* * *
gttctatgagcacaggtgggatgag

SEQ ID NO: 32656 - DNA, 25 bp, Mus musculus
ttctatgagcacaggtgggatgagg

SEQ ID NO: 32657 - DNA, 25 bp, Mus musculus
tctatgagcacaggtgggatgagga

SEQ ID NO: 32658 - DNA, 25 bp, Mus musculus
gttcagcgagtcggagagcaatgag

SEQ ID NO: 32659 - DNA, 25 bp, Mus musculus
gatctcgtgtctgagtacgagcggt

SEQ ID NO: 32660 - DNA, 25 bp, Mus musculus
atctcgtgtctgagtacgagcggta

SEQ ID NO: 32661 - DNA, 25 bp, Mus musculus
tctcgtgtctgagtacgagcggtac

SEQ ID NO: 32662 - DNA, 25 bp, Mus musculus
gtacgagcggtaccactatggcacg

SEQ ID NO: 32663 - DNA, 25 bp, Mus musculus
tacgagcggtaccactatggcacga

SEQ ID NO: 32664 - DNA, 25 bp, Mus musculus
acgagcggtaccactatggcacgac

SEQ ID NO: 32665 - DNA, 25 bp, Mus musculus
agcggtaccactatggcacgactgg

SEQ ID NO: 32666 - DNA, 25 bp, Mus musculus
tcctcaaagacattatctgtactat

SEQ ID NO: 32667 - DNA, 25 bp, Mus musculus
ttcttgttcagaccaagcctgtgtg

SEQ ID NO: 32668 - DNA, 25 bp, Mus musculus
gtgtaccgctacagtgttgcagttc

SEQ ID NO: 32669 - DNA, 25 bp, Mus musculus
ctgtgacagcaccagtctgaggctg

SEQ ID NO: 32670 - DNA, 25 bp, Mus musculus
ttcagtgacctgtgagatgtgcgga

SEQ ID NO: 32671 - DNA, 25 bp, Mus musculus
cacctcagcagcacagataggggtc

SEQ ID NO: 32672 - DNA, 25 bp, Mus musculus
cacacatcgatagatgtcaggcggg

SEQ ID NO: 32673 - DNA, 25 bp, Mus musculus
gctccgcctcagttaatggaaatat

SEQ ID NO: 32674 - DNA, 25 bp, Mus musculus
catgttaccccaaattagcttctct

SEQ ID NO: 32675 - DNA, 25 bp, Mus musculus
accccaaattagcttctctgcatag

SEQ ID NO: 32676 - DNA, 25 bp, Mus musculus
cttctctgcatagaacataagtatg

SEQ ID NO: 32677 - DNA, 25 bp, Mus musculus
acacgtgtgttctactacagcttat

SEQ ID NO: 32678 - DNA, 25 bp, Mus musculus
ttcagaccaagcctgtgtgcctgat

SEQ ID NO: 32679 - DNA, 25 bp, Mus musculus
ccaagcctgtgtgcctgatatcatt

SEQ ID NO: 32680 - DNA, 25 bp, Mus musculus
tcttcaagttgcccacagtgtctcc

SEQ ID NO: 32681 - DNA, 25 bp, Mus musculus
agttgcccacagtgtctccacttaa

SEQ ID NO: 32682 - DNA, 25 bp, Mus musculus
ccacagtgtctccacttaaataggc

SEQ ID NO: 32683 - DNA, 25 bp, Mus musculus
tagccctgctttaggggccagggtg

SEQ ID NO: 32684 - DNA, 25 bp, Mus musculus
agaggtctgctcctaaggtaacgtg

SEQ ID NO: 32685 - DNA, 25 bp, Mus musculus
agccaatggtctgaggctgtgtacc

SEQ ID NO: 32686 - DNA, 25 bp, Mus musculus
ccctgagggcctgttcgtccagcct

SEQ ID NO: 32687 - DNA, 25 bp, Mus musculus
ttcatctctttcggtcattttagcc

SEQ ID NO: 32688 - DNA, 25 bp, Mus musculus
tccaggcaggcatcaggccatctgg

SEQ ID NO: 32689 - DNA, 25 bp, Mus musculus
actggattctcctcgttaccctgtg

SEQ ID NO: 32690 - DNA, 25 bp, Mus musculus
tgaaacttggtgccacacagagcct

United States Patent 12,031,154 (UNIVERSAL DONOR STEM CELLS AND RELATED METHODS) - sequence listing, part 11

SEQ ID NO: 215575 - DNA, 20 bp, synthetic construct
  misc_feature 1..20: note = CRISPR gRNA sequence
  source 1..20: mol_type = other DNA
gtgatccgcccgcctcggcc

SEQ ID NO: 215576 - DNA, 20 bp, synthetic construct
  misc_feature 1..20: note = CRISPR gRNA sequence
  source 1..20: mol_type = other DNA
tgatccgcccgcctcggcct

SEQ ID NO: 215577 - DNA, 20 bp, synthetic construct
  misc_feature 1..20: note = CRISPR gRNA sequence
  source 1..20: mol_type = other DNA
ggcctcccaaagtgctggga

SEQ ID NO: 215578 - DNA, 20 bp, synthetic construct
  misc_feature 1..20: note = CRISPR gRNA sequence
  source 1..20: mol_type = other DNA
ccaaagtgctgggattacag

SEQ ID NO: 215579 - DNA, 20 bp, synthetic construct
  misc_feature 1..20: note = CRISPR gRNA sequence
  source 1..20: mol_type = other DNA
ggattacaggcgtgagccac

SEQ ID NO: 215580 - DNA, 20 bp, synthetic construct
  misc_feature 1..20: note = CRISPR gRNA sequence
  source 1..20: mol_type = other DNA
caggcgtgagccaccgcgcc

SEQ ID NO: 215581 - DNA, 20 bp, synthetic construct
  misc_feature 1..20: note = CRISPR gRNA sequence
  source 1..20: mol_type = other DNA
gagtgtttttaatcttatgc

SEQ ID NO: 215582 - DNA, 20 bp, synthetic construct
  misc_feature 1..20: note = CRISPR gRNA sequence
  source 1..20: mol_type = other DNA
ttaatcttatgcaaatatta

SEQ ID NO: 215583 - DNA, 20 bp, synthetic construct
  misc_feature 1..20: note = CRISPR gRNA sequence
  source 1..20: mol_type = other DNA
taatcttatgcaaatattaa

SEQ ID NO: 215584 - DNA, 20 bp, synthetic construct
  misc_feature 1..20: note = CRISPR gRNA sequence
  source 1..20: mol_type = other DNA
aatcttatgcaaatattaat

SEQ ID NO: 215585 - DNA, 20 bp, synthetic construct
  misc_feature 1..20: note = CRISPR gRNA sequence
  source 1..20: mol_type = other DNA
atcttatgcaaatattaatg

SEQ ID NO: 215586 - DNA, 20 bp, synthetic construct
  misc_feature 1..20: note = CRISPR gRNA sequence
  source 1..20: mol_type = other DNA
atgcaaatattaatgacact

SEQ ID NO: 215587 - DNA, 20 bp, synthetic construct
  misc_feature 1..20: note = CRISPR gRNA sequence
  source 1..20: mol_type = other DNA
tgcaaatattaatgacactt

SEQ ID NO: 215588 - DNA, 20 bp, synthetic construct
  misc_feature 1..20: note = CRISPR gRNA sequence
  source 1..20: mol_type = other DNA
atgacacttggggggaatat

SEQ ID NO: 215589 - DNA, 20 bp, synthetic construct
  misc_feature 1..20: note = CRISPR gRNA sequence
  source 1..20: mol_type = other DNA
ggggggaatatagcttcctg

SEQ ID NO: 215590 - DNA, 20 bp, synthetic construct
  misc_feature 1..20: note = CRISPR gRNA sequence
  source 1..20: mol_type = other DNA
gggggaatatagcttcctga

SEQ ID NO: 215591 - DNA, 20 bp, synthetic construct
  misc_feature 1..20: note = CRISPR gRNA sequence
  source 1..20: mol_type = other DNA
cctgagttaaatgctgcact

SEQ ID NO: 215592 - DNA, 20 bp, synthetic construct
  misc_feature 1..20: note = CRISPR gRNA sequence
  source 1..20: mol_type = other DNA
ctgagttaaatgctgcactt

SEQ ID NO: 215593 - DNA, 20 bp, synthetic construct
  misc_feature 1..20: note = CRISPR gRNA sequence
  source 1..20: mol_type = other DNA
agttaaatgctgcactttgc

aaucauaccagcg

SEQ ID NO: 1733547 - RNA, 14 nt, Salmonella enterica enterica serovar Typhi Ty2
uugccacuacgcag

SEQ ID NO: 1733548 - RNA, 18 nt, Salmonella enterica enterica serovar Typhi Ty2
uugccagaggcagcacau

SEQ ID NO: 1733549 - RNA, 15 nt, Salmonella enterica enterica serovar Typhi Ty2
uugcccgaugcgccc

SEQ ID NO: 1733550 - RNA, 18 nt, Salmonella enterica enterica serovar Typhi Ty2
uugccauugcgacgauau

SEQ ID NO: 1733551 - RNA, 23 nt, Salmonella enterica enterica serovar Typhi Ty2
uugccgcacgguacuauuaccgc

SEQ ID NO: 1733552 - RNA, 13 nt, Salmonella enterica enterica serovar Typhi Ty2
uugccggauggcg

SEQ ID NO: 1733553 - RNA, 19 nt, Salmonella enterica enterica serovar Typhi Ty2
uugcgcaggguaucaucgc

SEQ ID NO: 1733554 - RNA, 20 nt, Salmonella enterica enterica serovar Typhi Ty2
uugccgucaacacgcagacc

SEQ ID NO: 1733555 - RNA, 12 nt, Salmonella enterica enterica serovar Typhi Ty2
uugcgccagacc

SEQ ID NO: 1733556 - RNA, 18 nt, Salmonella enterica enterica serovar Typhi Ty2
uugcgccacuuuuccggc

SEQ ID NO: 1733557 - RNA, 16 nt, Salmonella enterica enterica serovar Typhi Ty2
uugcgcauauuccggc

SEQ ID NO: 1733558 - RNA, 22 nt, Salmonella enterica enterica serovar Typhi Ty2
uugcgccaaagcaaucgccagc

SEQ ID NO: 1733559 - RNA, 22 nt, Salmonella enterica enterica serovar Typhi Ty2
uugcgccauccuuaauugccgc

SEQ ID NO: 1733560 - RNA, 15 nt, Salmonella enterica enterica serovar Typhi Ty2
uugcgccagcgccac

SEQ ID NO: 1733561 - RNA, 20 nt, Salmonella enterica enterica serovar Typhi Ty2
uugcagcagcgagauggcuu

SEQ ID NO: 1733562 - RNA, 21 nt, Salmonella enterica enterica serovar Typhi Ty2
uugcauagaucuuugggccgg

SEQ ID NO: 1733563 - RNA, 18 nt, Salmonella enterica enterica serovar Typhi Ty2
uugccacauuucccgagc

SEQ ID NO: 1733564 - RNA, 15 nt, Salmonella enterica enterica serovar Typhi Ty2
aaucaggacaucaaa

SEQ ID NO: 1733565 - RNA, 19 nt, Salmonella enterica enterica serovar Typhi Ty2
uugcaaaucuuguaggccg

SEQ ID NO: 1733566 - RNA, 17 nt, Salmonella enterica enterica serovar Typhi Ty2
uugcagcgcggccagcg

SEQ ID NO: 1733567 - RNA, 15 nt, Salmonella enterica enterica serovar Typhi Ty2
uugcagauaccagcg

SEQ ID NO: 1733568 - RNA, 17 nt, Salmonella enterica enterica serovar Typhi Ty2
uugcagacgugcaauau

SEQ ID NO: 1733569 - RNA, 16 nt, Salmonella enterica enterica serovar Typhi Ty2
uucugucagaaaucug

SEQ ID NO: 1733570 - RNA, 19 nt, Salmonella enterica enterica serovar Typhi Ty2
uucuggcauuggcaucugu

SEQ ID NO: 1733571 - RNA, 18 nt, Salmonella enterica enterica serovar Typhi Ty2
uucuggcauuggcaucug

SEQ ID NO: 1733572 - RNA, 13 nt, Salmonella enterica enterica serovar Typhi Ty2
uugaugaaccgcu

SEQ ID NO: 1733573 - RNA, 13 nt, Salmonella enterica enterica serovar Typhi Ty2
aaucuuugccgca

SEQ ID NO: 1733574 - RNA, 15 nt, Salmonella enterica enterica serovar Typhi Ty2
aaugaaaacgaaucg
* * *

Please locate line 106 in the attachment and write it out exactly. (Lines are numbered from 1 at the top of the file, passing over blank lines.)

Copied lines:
  misc_feature 1..20: note = CRISPR gRNA sequence